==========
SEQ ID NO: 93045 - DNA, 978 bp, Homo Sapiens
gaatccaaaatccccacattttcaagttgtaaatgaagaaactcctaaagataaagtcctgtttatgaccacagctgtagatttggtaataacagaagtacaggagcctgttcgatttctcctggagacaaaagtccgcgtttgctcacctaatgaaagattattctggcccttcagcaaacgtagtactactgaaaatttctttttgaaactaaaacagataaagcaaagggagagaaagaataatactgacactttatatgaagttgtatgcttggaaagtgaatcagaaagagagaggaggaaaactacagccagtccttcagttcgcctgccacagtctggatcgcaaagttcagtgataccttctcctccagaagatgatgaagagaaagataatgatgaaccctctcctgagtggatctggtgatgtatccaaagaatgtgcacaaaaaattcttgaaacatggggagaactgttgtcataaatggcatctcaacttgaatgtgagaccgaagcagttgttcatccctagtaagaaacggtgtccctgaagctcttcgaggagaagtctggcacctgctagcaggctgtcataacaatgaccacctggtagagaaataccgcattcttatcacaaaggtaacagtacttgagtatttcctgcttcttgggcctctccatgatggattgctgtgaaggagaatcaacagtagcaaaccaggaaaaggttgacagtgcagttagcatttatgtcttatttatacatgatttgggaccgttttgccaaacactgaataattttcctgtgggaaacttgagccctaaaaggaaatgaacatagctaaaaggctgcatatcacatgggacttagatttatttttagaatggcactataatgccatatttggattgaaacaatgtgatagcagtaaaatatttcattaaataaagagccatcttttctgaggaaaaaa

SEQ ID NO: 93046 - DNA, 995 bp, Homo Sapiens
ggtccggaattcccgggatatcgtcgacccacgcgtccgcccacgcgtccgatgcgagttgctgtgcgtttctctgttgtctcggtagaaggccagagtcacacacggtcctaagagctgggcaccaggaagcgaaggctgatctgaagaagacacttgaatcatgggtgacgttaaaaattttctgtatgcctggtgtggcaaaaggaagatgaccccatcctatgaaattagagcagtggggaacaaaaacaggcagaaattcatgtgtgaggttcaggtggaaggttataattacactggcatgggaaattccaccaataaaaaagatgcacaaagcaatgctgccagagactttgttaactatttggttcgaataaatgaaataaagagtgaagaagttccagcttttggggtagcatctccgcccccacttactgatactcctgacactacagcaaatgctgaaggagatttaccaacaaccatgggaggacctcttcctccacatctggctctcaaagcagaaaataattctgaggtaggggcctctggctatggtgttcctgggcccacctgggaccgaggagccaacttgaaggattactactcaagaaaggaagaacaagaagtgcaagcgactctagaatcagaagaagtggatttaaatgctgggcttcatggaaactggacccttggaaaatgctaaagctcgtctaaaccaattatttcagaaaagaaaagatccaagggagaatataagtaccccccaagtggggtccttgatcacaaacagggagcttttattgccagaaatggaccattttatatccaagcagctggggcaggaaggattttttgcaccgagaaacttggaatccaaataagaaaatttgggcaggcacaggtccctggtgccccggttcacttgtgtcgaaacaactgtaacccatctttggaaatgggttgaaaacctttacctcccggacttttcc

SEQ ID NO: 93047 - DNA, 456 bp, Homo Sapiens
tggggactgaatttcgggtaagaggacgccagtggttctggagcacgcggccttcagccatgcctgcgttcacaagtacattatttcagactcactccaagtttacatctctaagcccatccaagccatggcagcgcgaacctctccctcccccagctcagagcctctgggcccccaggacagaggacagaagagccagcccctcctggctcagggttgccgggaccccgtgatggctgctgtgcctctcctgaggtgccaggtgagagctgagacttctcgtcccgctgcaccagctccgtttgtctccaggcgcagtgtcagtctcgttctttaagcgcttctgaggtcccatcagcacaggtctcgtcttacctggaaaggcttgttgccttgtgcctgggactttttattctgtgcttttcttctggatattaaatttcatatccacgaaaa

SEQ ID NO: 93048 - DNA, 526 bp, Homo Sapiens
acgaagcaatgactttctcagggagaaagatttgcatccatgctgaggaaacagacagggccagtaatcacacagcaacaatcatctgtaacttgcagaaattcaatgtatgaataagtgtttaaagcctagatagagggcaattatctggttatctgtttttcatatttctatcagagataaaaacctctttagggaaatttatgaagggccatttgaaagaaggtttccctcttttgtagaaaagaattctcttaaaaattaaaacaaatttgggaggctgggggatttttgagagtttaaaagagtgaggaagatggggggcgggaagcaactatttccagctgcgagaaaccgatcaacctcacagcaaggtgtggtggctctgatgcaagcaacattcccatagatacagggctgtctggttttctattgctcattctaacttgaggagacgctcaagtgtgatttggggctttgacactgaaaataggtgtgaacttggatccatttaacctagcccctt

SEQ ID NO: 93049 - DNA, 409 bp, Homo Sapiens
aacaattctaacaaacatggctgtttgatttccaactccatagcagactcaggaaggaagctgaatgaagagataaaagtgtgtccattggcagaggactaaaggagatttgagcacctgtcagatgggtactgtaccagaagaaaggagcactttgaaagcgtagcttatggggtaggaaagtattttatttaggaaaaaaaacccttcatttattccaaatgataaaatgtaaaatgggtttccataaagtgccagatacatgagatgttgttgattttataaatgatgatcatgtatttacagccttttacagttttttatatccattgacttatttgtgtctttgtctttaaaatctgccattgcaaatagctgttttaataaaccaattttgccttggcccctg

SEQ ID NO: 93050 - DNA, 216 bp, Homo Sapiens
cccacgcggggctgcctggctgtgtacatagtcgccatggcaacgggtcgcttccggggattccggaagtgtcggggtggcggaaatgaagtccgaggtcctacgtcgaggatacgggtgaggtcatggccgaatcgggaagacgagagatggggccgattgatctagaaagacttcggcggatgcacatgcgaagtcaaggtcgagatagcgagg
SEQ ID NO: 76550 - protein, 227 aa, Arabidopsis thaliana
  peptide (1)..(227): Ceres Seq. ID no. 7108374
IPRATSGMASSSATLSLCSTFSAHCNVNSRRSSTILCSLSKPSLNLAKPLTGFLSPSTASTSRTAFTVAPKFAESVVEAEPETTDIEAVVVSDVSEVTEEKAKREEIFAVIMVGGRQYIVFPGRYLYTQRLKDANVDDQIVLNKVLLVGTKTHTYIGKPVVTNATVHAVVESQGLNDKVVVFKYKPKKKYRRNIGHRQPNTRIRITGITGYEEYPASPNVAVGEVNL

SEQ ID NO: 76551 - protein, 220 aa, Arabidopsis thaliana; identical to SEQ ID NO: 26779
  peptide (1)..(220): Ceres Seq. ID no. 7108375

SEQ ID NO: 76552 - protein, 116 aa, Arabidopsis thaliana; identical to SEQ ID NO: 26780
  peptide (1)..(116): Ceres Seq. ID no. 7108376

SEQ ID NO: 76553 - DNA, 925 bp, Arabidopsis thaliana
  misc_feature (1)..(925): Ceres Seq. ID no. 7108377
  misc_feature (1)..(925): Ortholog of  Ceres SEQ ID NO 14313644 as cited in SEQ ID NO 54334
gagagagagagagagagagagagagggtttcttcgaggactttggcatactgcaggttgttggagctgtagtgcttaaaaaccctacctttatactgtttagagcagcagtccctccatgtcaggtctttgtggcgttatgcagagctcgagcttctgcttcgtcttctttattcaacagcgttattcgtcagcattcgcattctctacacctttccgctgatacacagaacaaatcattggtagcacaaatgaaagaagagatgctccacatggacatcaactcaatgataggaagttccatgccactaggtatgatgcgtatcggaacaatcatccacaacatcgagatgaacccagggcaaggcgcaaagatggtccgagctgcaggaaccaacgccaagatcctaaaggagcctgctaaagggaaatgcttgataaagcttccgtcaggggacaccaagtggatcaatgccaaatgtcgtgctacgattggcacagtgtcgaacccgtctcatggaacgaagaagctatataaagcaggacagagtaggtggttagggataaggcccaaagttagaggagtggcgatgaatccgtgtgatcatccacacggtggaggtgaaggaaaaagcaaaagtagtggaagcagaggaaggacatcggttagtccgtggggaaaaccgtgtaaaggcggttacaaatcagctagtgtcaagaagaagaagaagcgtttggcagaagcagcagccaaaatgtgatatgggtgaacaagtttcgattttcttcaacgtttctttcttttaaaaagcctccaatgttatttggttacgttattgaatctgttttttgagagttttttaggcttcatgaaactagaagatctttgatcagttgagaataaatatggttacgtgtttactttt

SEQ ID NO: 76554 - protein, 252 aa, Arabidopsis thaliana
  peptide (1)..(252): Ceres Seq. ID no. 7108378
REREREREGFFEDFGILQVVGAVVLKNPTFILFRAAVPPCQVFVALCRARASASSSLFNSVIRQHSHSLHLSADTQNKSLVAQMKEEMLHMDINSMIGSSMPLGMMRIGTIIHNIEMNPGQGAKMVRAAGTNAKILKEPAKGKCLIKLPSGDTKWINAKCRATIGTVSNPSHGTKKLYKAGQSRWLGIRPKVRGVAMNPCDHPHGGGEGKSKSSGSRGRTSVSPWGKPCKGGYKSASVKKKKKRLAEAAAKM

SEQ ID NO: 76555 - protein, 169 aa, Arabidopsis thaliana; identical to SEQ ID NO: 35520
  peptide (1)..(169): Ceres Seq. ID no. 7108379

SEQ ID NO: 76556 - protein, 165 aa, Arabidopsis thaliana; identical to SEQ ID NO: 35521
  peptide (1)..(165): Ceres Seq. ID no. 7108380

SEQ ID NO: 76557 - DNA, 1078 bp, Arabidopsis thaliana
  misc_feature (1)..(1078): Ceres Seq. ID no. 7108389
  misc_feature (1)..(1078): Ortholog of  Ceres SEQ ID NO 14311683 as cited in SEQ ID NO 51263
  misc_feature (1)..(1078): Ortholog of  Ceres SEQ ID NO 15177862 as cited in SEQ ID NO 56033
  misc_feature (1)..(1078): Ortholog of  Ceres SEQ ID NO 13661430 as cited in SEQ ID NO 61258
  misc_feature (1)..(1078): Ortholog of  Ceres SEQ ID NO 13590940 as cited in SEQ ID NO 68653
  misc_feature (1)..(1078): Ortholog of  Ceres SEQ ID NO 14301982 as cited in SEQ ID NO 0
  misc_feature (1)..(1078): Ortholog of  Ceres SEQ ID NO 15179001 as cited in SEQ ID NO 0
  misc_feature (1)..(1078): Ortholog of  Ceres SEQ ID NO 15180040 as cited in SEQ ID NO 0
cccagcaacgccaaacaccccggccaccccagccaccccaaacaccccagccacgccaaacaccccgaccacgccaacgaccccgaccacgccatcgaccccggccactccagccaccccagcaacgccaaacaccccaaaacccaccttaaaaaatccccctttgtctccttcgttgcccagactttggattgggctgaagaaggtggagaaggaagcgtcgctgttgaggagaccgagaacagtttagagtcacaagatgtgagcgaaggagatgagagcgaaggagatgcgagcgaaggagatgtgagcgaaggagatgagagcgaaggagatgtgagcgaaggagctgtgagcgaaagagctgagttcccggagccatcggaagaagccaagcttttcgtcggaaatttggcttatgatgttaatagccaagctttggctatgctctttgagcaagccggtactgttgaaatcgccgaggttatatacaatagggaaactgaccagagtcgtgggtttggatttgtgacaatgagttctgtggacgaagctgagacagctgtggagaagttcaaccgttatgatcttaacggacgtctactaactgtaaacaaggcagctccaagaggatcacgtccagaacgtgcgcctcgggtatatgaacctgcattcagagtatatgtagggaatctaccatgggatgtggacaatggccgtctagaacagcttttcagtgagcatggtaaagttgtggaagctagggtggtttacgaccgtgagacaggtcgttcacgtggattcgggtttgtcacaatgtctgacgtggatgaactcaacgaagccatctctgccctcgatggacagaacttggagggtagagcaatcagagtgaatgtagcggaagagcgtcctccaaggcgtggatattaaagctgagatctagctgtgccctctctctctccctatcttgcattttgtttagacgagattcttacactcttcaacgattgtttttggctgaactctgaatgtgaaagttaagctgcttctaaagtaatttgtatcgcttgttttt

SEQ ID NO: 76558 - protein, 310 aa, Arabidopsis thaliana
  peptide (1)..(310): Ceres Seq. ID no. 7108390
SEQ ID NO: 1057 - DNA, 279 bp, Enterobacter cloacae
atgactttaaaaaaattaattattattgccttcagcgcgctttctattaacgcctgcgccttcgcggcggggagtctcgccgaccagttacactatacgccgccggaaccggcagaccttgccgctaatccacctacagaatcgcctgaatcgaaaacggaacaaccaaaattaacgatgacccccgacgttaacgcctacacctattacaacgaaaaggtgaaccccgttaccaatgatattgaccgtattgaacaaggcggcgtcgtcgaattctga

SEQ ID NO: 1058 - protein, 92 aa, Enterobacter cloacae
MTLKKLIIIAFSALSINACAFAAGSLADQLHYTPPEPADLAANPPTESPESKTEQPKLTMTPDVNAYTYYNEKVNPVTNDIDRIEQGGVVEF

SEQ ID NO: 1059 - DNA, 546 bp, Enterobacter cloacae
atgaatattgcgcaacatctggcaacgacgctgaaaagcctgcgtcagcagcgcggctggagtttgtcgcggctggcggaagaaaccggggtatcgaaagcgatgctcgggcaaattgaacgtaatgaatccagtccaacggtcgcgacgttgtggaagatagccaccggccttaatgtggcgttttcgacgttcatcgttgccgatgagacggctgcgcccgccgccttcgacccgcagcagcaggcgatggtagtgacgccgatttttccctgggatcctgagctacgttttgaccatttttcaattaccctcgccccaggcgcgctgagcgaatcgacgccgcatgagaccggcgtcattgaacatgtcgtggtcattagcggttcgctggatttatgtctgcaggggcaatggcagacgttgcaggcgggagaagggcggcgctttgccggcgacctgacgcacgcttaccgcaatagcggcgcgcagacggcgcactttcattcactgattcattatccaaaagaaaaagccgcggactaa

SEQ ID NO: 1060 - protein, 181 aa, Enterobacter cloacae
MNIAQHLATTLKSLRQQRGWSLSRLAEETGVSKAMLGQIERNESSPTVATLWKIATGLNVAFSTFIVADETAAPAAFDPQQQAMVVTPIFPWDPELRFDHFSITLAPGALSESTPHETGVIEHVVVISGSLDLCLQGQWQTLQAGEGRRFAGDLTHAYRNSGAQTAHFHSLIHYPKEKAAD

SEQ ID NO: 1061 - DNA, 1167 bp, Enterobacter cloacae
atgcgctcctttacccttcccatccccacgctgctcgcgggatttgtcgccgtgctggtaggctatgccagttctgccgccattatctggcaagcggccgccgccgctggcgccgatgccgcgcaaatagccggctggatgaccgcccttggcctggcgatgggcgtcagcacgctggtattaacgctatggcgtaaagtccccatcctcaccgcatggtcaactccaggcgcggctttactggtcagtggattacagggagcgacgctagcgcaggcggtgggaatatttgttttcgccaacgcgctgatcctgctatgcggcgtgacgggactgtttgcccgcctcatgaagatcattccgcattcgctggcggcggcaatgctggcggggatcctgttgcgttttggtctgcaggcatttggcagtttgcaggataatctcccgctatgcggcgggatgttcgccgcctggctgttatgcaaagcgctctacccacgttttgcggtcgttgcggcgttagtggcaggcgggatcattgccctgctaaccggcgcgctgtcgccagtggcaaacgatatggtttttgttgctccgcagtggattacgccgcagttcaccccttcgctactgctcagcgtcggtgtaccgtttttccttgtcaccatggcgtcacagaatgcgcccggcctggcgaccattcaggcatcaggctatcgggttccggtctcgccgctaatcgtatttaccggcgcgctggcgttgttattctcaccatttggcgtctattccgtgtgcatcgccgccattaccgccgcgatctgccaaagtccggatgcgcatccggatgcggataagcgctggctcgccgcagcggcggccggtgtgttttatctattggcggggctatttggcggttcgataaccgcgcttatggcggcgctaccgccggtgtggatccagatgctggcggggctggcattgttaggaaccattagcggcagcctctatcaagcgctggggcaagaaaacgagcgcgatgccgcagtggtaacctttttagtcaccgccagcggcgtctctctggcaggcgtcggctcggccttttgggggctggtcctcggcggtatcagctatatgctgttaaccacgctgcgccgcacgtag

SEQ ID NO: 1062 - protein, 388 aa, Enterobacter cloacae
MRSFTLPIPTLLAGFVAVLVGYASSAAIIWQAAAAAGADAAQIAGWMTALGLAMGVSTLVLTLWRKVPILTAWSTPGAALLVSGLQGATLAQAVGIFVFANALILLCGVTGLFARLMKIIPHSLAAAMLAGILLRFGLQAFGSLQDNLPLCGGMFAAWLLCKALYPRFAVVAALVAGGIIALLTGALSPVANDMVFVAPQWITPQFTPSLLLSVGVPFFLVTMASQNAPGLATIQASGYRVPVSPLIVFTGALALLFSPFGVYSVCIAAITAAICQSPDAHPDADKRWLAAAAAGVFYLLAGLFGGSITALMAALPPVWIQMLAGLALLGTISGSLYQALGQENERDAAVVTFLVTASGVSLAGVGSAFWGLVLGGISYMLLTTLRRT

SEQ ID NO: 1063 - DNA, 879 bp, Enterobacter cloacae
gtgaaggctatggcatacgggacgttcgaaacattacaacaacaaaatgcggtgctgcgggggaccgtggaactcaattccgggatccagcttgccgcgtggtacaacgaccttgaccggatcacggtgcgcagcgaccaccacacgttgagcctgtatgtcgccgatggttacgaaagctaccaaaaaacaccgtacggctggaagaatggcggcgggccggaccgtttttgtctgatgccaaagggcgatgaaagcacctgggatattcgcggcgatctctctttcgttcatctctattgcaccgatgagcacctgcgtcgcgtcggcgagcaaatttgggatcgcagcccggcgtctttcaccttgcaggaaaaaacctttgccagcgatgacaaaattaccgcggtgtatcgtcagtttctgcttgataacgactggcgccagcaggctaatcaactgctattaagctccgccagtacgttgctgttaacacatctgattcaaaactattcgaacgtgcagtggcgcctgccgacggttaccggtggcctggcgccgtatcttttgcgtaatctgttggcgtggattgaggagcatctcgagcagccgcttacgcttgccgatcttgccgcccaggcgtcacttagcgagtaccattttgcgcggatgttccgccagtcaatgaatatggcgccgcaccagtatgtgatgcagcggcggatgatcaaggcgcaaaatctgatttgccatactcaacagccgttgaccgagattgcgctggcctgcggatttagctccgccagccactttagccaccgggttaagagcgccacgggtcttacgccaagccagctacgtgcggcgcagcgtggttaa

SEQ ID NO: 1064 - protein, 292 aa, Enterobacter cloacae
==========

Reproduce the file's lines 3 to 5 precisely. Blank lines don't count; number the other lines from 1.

SEQ ID NO: 93046 - DNA, 995 bp, Homo Sapiens
ggtccggaattcccgggatatcgtcgacccacgcgtccgcccacgcgtccgatgcgagttgctgtgcgtttctctgttgtctcggtagaaggccagagtcacacacggtcctaagagctgggcaccaggaagcgaaggctgatctgaagaagacacttgaatcatgggtgacgttaaaaattttctgtatgcctggtgtggcaaaaggaagatgaccccatcctatgaaattagagcagtggggaacaaaaacaggcagaaattcatgtgtgaggttcaggtggaaggttataattacactggcatgggaaattccaccaataaaaaagatgcacaaagcaatgctgccagagactttgttaactatttggttcgaataaatgaaataaagagtgaagaagttccagcttttggggtagcatctccgcccccacttactgatactcctgacactacagcaaatgctgaaggagatttaccaacaaccatgggaggacctcttcctccacatctggctctcaaagcagaaaataattctgaggtaggggcctctggctatggtgttcctgggcccacctgggaccgaggagccaacttgaaggattactactcaagaaaggaagaacaagaagtgcaagcgactctagaatcagaagaagtggatttaaatgctgggcttcatggaaactggacccttggaaaatgctaaagctcgtctaaaccaattatttcagaaaagaaaagatccaagggagaatataagtaccccccaagtggggtccttgatcacaaacagggagcttttattgccagaaatggaccattttatatccaagcagctggggcaggaaggattttttgcaccgagaaacttggaatccaaataagaaaatttgggcaggcacaggtccctggtgccccggttcacttgtgtcgaaacaactgtaacccatctttggaaatgggttgaaaacctttacctcccggacttttcc

SEQ ID NO: 93047 - DNA, 456 bp, Homo Sapiens